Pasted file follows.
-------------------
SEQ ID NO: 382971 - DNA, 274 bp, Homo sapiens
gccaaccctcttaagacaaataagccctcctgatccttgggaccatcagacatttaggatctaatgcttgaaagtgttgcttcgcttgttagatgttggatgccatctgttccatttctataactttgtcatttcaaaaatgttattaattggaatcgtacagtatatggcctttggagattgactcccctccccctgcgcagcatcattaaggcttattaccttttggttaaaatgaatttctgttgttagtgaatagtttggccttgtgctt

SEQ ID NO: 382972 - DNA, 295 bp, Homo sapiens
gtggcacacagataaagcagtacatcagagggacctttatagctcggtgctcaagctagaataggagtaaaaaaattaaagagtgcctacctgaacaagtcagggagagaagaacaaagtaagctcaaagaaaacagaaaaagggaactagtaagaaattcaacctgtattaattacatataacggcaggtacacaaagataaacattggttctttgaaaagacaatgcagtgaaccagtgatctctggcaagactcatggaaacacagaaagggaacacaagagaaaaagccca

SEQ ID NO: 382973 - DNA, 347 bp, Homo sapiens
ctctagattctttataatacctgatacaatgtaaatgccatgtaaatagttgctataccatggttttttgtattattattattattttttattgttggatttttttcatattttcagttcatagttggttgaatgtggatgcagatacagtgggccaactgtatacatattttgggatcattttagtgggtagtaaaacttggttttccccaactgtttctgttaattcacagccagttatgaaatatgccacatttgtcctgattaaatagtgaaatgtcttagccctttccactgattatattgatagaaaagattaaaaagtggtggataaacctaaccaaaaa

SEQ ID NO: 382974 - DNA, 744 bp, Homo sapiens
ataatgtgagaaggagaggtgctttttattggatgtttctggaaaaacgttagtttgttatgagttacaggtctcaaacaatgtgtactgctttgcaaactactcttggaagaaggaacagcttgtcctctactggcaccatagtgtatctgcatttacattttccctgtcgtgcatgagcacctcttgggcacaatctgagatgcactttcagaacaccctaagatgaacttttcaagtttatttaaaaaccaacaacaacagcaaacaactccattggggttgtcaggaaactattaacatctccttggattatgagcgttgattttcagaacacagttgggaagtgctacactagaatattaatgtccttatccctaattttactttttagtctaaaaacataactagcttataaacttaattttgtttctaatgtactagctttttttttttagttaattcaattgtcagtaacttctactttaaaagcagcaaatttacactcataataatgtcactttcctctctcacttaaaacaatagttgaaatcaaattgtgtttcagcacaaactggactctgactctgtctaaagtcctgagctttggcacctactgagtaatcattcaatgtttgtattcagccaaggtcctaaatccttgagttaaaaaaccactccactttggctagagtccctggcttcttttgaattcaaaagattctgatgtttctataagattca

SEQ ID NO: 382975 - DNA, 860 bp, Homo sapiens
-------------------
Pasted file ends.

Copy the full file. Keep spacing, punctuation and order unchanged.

SEQ ID NO: 382971 - DNA, 274 bp, Homo sapiens
gccaaccctcttaagacaaataagccctcctgatccttgggaccatcagacatttaggatctaatgcttgaaagtgttgcttcgcttgttagatgttggatgccatctgttccatttctataactttgtcatttcaaaaatgttattaattggaatcgtacagtatatggcctttggagattgactcccctccccctgcgcagcatcattaaggcttattaccttttggttaaaatgaatttctgttgttagtgaatagtttggccttgtgctt

SEQ ID NO: 382972 - DNA, 295 bp, Homo sapiens
gtggcacacagataaagcagtacatcagagggacctttatagctcggtgctcaagctagaataggagtaaaaaaattaaagagtgcctacctgaacaagtcagggagagaagaacaaagtaagctcaaagaaaacagaaaaagggaactagtaagaaattcaacctgtattaattacatataacggcaggtacacaaagataaacattggttctttgaaaagacaatgcagtgaaccagtgatctctggcaagactcatggaaacacagaaagggaacacaagagaaaaagccca

SEQ ID NO: 382973 - DNA, 347 bp, Homo sapiens
ctctagattctttataatacctgatacaatgtaaatgccatgtaaatagttgctataccatggttttttgtattattattattattttttattgttggatttttttcatattttcagttcatagttggttgaatgtggatgcagatacagtgggccaactgtatacatattttgggatcattttagtgggtagtaaaacttggttttccccaactgtttctgttaattcacagccagttatgaaatatgccacatttgtcctgattaaatagtgaaatgtcttagccctttccactgattatattgatagaaaagattaaaaagtggtggataaacctaaccaaaaa

SEQ ID NO: 382974 - DNA, 744 bp, Homo sapiens
ataatgtgagaaggagaggtgctttttattggatgtttctggaaaaacgttagtttgttatgagttacaggtctcaaacaatgtgtactgctttgcaaactactcttggaagaaggaacagcttgtcctctactggcaccatagtgtatctgcatttacattttccctgtcgtgcatgagcacctcttgggcacaatctgagatgcactttcagaacaccctaagatgaacttttcaagtttatttaaaaaccaacaacaacagcaaacaactccattggggttgtcaggaaactattaacatctccttggattatgagcgttgattttcagaacacagttgggaagtgctacactagaatattaatgtccttatccctaattttactttttagtctaaaaacataactagcttataaacttaattttgtttctaatgtactagctttttttttttagttaattcaattgtcagtaacttctactttaaaagcagcaaatttacactcataataatgtcactttcctctctcacttaaaacaatagttgaaatcaaattgtgtttcagcacaaactggactctgactctgtctaaagtcctgagctttggcacctactgagtaatcattcaatgtttgtattcagccaaggtcctaaatccttgagttaaaaaaccactccactttggctagagtccctggcttcttttgaattcaaaagattctgatgtttctataagattca

SEQ ID NO: 382975 - DNA, 860 bp, Homo sapiens